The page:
Feldman’s vacation Bible school wasn’t located on church grounds. Along with five other Prince William churches, All Saints’ holds week-long sessions of vacation Bible school in the suburban back yards of parishioners and on their porches and driveways.
Last month, Feldman was the leader of a cadre of volunteers who visit dozens of homes, bringing supplies with this year’s theme — “Facing Fear! Trusting God!” — to assembled children throughout the county.
“God is all over this,” Feldman said as she pulled up to a townhouse where a dozen children, all wearing blue Bible school shirts, were singing under the direction of three church staff members.
“Change my heart, oh God, I want to see your glory . . . change my heart, oh God,” the children sang in the carport of a suburban rambler.
In the past, when children went to vacation Bible school, they spent a week on church grounds, singing songs, coloring Bible characters in workbooks, memorizing scripture, enjoying punch and cookies while learning biblical lessons.
For decades, vacation Bible schools have been a rite of passage for children in many households, which counted on the programs to provide religious instruction to their children and occupy them for a short time during the summer.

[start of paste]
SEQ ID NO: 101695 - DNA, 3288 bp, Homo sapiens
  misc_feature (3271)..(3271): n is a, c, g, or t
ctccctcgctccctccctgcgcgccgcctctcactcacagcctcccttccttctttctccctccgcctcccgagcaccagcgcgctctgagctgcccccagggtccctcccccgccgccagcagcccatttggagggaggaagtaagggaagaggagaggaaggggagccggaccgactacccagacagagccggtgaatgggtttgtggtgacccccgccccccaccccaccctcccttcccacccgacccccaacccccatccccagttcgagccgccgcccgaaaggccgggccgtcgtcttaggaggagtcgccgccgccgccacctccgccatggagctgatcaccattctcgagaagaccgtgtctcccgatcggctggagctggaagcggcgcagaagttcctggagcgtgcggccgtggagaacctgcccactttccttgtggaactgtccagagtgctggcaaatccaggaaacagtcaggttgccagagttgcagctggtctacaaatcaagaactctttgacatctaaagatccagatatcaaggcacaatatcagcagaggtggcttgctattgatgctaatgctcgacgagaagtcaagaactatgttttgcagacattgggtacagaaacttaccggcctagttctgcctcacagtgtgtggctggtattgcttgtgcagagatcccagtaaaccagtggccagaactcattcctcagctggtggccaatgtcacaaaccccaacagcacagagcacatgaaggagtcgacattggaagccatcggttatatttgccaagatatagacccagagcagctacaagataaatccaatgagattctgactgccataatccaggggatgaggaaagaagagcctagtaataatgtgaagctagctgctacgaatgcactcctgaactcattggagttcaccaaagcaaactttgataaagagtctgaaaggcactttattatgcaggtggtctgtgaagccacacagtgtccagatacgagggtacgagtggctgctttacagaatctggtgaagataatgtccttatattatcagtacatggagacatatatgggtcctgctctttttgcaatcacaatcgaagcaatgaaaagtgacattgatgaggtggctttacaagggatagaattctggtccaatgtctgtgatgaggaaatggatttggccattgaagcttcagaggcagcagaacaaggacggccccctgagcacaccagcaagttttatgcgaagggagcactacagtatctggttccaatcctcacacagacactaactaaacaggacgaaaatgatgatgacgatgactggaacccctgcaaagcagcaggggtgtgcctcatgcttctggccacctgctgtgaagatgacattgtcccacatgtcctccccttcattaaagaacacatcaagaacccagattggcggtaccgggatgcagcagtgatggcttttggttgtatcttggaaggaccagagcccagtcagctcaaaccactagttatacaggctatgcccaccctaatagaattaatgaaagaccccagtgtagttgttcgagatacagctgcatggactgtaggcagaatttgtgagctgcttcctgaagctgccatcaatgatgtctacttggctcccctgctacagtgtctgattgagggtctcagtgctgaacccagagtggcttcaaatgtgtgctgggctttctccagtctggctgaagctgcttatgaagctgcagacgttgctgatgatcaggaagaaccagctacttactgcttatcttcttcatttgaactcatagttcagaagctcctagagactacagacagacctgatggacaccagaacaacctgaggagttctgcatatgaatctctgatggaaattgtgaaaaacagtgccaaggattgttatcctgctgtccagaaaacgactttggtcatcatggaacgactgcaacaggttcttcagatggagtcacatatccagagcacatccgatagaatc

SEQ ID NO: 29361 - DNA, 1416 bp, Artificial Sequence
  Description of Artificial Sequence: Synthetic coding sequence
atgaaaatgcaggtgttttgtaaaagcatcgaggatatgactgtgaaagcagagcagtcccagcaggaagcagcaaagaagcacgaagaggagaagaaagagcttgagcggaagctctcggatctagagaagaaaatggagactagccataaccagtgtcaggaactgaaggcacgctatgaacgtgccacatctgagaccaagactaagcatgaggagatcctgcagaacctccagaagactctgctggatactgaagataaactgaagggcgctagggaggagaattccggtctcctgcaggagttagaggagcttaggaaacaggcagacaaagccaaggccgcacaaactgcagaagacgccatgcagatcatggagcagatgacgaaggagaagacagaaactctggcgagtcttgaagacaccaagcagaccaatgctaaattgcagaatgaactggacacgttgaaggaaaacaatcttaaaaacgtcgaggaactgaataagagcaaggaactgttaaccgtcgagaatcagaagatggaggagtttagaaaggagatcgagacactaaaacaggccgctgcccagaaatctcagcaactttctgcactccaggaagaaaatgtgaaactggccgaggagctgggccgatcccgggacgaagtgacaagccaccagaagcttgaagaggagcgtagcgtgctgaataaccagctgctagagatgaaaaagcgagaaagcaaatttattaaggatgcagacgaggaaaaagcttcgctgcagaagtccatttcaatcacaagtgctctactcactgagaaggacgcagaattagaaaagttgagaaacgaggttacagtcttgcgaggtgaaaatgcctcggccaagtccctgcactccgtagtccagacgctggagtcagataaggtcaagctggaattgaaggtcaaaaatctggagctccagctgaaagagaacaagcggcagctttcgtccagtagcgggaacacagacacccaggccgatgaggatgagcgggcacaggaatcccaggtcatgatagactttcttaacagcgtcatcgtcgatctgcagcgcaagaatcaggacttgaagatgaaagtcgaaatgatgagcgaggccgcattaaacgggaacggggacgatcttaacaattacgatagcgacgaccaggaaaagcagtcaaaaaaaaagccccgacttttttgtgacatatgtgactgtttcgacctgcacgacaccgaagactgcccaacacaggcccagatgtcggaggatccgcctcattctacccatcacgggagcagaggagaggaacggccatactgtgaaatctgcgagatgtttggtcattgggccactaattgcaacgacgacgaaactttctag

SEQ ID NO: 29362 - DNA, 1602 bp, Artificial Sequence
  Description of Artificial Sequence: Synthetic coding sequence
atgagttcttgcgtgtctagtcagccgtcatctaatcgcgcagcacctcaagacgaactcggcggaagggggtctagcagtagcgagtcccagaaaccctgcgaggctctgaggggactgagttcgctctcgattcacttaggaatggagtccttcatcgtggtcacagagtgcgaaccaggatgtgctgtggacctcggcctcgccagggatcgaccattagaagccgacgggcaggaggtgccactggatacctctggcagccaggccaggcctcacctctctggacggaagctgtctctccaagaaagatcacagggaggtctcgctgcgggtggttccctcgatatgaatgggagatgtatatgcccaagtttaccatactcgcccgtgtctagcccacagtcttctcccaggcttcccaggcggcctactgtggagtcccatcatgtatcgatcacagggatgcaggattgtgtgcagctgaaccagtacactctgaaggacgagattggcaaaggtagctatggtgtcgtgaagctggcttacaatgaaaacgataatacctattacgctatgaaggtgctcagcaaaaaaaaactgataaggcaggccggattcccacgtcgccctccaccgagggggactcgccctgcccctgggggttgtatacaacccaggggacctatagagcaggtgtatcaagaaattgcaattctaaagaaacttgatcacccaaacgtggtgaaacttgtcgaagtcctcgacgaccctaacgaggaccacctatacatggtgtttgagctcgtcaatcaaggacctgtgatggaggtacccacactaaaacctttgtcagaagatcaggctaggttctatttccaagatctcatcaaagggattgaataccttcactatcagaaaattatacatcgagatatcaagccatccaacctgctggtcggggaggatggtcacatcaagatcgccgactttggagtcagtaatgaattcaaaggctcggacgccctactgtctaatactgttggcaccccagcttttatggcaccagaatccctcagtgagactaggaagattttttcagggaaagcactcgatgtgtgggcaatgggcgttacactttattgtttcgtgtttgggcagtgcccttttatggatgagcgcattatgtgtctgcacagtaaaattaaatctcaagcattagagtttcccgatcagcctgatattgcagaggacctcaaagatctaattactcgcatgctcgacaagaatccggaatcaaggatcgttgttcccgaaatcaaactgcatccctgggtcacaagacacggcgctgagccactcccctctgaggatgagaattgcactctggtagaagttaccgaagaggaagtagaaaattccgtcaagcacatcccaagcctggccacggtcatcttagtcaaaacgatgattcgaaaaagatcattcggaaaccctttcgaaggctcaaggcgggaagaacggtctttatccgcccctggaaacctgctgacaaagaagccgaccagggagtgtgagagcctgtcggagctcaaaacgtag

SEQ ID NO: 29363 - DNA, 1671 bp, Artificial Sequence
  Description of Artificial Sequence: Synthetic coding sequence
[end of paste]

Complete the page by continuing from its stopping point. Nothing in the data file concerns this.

Making a change
But five years ago, the leaders at All Saints’ decided to change the congregation’s vacation Bible school.
Members of the mostly white congregation noticed that attendance at its traditional programs was dwindling. They also noticed their the vacation Bible school did not reflect the cultural diversity of the community, which had become more and more African American and Hispanic. All Saints’ formed a partnership with another church, and together they took their lessons and activities to the suburban cul-de-sacs. They called the new program “Community VBS.”
We “wanted to break down all kinds of walls . . . whatever keeps people from Him,” Feldman said. “In going out into the community, we had the opportunity to reach people of different backgrounds who had never stepped inside a church. People from not just racial backgrounds, but from all backgrounds as well. That is what Community VBS is all about: No walls between God and his people.”
Now the program has expanded to include a half-dozen churches in Prince William County, including a predominantly African American church. Feldman said the program has not only increased attendance at vacation Bible school but has also helped enlarge the churches’ congregations.